Mindfulness Meditation App Abandonment During the COVID-19 Pandemic: An Observational Study

Mariah Sullivan, Jennifer Huberty, Yunro Chung, Chad Stecher

Producción científica: Articlerevisión exhaustiva

5 Citas (Scopus)


Objectives: Mindfulness meditation apps are used by millions of adults in the USA to improve mental health. However, many new app subscribers quickly abandon their use. The purpose of this study was to determine the behavioral, demographic, and socioeconomic factors associated with the abandonment of meditation apps during the COVID-19 pandemic. Method: A survey was distributed to subscribers of a popular meditation app, Calm, at the start of the COVID-19 pandemic in March 2020 that assessed meditation app behavior and meditation habit strength, as well as demographic and socioeconomic information. App usage data were also collected from the start of each participant’s subscription until May 2021. A total of 3275 respondents were included in the analyses. Participants were divided into three cohorts according to their subscription start date: (1) long-term subscribers (> 1 year before pandemic start), (2) pre-pandemic subscribers (< 4 months before pandemic start), and (3) pandemic subscribers (joined during the pandemic). Results: Meditating after an existing routine was associated with a lower risk of app abandonment for pre-pandemic subscribers (hazard ratio = 0.607, 95% CI: 0.422, 0.874; p = 0.007) and for pandemic subscribers (hazard ratio = 0.434, 95% CI: 0.285, 0.66; p < 0.001). Additionally, meditating “whenever I can” was associated with lower risk of abandonment among pandemic subscribers (hazard ratio = 0.437, 95% CI: 0.271, 0.706; p < 0.001), and no behavioral factors were significant predictors of app abandonment among the long-term subscribers. Conclusions: These results show that combining meditation with an existing daily routine was a commonly utilized strategy for promoting persistent meditation app use during the COVID-19 pandemic for many subscribers. This finding supports existing evidence that pairing new behaviors with an existing routine is an effective method for establishing new health habits. Preregistration: This study is not pre-registered.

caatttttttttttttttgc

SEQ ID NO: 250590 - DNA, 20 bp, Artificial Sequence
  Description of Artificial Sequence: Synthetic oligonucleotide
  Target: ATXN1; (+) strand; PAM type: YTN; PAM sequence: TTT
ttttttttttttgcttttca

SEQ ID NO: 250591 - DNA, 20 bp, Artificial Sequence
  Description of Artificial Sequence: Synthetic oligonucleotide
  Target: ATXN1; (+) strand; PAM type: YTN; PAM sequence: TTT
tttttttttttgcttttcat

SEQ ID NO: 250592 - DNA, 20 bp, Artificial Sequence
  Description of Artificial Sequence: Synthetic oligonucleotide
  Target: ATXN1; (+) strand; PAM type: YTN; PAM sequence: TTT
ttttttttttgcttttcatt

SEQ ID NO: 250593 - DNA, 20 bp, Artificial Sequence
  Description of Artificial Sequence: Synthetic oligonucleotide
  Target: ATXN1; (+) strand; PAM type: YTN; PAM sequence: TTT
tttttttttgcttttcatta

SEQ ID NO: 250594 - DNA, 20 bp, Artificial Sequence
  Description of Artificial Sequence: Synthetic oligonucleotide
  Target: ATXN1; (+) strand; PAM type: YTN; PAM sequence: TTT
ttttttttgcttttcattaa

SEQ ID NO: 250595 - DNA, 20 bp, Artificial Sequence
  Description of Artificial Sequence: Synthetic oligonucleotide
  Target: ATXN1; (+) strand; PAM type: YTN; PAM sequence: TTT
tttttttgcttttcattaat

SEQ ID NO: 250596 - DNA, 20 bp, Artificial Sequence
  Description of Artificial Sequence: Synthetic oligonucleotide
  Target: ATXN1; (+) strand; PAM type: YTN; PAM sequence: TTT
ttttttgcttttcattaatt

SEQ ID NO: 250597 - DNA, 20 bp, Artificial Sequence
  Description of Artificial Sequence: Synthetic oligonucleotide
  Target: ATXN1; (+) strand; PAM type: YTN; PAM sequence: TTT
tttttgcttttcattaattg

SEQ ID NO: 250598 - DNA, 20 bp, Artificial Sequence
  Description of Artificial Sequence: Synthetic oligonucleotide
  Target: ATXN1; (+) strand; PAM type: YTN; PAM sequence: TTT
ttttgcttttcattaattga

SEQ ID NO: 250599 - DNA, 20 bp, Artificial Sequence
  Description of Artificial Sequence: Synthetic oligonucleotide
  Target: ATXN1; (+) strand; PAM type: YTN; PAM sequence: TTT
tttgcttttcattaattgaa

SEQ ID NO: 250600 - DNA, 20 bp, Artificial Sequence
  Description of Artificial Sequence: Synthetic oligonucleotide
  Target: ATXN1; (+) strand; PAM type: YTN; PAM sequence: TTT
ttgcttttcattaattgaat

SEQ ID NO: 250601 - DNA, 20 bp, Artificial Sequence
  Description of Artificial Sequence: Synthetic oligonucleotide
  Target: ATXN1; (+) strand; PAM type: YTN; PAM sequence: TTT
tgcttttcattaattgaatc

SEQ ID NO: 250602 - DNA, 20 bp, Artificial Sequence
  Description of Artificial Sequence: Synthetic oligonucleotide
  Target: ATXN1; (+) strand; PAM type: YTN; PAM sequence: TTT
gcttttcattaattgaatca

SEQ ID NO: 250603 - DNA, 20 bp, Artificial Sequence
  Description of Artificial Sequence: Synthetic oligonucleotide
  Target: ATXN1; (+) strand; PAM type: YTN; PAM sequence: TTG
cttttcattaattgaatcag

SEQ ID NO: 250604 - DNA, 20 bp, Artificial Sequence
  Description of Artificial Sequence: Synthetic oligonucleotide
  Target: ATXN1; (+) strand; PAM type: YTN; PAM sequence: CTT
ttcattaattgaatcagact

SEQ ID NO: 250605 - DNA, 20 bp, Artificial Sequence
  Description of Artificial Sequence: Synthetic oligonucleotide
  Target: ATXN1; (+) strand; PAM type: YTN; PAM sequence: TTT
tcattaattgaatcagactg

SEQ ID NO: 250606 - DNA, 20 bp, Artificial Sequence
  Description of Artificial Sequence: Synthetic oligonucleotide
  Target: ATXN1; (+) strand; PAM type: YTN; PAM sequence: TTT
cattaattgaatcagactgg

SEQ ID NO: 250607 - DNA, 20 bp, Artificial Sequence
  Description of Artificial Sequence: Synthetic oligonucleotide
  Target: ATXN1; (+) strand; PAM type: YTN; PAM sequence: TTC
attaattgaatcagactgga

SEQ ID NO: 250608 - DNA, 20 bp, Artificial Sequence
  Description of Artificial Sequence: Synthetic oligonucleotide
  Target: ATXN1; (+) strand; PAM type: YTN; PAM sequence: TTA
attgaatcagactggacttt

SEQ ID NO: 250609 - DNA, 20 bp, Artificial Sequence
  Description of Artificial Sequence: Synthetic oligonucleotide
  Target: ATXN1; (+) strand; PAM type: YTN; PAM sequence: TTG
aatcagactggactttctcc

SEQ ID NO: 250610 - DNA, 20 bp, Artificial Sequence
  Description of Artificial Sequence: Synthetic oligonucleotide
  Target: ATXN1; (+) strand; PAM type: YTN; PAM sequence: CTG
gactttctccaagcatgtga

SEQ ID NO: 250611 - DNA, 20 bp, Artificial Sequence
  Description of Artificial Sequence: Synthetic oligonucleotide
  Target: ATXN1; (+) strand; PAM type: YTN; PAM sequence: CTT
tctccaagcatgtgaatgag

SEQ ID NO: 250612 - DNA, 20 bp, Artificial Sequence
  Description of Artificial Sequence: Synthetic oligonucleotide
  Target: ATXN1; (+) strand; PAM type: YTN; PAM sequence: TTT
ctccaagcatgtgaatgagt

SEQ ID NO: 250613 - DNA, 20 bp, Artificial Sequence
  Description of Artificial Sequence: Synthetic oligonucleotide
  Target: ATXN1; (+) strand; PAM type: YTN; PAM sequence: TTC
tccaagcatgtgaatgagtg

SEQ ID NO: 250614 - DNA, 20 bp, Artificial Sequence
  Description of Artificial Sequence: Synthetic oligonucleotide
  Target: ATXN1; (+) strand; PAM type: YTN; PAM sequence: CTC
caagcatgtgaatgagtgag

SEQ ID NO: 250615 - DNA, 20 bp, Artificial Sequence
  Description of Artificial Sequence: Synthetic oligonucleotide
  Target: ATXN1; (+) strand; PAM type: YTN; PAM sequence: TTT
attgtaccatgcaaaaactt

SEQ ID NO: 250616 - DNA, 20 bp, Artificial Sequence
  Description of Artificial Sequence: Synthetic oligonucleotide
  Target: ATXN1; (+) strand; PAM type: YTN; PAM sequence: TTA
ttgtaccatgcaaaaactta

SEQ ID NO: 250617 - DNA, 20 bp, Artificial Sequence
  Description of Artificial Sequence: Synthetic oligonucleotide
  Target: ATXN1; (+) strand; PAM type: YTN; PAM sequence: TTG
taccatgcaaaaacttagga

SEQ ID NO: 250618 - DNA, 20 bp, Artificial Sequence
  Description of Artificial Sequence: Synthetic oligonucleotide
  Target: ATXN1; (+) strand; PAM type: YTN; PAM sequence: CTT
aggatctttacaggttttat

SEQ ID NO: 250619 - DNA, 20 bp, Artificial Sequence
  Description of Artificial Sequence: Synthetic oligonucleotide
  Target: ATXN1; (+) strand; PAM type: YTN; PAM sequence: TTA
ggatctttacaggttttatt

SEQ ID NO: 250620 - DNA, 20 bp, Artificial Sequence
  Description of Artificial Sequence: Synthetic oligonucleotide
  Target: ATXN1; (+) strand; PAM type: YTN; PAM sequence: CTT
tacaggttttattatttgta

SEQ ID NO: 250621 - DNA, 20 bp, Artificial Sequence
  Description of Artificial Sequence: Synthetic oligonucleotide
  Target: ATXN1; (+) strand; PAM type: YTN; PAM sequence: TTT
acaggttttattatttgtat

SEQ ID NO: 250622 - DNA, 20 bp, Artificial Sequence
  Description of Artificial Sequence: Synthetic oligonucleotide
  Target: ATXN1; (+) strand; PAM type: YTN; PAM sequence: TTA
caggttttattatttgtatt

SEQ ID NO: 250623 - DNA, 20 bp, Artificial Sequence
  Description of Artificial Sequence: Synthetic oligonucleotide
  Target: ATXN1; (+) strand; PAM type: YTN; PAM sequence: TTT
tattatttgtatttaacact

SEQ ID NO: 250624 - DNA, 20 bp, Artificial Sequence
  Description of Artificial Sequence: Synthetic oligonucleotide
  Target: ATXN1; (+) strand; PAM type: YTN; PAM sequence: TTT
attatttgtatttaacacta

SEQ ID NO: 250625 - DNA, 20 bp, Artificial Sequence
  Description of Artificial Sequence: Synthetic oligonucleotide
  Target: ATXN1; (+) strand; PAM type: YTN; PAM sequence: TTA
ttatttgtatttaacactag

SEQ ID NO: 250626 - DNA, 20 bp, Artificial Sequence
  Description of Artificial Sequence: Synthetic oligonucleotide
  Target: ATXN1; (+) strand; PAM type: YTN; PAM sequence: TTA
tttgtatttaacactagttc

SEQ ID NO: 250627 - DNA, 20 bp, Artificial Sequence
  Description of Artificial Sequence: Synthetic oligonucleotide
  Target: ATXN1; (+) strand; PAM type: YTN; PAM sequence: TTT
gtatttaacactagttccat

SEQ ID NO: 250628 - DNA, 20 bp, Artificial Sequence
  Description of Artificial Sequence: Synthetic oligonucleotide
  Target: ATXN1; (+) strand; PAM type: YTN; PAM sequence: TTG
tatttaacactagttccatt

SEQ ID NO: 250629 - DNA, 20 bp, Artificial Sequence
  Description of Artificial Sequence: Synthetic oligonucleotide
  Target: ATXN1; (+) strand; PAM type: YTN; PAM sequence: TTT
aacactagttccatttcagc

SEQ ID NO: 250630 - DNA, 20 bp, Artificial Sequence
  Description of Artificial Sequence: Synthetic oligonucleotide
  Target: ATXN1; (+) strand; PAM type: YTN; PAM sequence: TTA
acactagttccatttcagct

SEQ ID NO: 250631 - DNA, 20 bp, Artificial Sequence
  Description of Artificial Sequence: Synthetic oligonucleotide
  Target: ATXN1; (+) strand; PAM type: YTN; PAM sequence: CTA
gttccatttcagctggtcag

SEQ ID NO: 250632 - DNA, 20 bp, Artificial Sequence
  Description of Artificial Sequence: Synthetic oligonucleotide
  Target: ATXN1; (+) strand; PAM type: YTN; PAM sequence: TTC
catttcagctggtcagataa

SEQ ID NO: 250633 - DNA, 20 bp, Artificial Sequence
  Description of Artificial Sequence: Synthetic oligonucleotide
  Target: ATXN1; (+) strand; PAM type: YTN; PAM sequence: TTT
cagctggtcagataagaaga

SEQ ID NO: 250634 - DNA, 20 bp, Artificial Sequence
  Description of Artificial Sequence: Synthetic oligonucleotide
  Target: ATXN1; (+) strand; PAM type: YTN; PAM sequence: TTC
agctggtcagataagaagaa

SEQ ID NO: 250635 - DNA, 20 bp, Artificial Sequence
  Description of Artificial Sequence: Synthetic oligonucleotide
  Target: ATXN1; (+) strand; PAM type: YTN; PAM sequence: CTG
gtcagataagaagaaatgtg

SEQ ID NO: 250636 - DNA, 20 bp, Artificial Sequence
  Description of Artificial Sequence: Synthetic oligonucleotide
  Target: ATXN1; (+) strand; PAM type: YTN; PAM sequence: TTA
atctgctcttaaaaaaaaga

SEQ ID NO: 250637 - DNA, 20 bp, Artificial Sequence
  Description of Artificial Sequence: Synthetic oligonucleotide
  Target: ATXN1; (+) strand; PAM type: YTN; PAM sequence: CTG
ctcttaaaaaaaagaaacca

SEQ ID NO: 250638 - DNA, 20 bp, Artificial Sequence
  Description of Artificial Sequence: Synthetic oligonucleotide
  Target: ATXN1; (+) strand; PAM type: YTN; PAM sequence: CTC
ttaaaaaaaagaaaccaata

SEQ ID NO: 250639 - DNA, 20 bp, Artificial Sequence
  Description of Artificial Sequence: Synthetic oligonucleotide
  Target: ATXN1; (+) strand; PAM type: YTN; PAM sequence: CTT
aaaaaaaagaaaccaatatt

Idioma originalEnglish (US)
Páginas (desde-hasta)1504-1521
Número de páginas18
EstadoPublished - jun 2023

ASJC Scopus subject areas

  • Health(social science)
  • Experimental and Cognitive Psychology
  • Developmental and Educational Psychology
  • Social Psychology
  • Applied Psychology


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